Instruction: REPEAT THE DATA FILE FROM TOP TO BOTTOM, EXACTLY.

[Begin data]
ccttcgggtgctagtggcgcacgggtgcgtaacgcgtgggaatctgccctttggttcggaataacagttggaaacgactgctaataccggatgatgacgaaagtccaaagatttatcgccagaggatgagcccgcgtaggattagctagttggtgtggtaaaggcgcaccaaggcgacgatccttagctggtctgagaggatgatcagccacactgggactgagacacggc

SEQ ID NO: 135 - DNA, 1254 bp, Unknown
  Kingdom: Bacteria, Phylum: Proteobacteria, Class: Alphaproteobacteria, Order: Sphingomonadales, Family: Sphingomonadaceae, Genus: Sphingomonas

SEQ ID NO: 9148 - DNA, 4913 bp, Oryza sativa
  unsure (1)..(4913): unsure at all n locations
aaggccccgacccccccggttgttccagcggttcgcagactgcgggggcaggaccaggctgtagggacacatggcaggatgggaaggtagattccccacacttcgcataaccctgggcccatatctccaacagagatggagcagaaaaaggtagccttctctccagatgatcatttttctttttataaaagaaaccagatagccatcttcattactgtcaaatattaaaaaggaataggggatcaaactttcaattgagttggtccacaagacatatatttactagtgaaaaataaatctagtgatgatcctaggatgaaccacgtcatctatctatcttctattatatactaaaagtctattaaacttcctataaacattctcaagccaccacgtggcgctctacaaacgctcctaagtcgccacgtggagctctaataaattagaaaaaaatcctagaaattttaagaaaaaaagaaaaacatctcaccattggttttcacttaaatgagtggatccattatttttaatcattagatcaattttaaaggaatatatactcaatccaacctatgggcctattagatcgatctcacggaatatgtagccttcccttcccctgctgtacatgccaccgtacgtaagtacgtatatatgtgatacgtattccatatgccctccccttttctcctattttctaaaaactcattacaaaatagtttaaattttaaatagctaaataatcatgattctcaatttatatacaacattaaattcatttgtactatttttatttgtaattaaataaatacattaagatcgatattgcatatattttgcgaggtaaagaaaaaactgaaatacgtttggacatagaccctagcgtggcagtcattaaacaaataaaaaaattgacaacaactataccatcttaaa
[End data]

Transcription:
ccttcgggtgctagtggcgcacgggtgcgtaacgcgtgggaatctgccctttggttcggaataacagttggaaacgactgctaataccggatgatgacgaaagtccaaagatttatcgccagaggatgagcccgcgtaggattagctagttggtgtggtaaaggcgcaccaaggcgacgatccttagctggtctgagaggatgatcagccacactgggactgagacacggc

SEQ ID NO: 135 - DNA, 1254 bp, Unknown
  Kingdom: Bacteria, Phylum: Proteobacteria, Class: Alphaproteobacteria, Order: Sphingomonadales, Family: Sphingomonadaceae, Genus: Sphingomonas

SEQ ID NO: 9148 - DNA, 4913 bp, Oryza sativa
  unsure (1)..(4913): unsure at all n locations
aaggccccgacccccccggttgttccagcggttcgcagactgcgggggcaggaccaggctgtagggacacatggcaggatgggaaggtagattccccacacttcgcataaccctgggcccatatctccaacagagatggagcagaaaaaggtagccttctctccagatgatcatttttctttttataaaagaaaccagatagccatcttcattactgtcaaatattaaaaaggaataggggatcaaactttcaattgagttggtccacaagacatatatttactagtgaaaaataaatctagtgatgatcctaggatgaaccacgtcatctatctatcttctattatatactaaaagtctattaaacttcctataaacattctcaagccaccacgtggcgctctacaaacgctcctaagtcgccacgtggagctctaataaattagaaaaaaatcctagaaattttaagaaaaaaagaaaaacatctcaccattggttttcacttaaatgagtggatccattatttttaatcattagatcaattttaaaggaatatatactcaatccaacctatgggcctattagatcgatctcacggaatatgtagccttcccttcccctgctgtacatgccaccgtacgtaagtacgtatatatgtgatacgtattccatatgccctccccttttctcctattttctaaaaactcattacaaaatagtttaaattttaaatagctaaataatcatgattctcaatttatatacaacattaaattcatttgtactatttttatttgtaattaaataaatacattaagatcgatattgcatatattttgcgaggtaaagaaaaaactgaaatacgtttggacatagaccctagcgtggcagtcattaaacaaataaaaaaattgacaacaactataccatcttaaa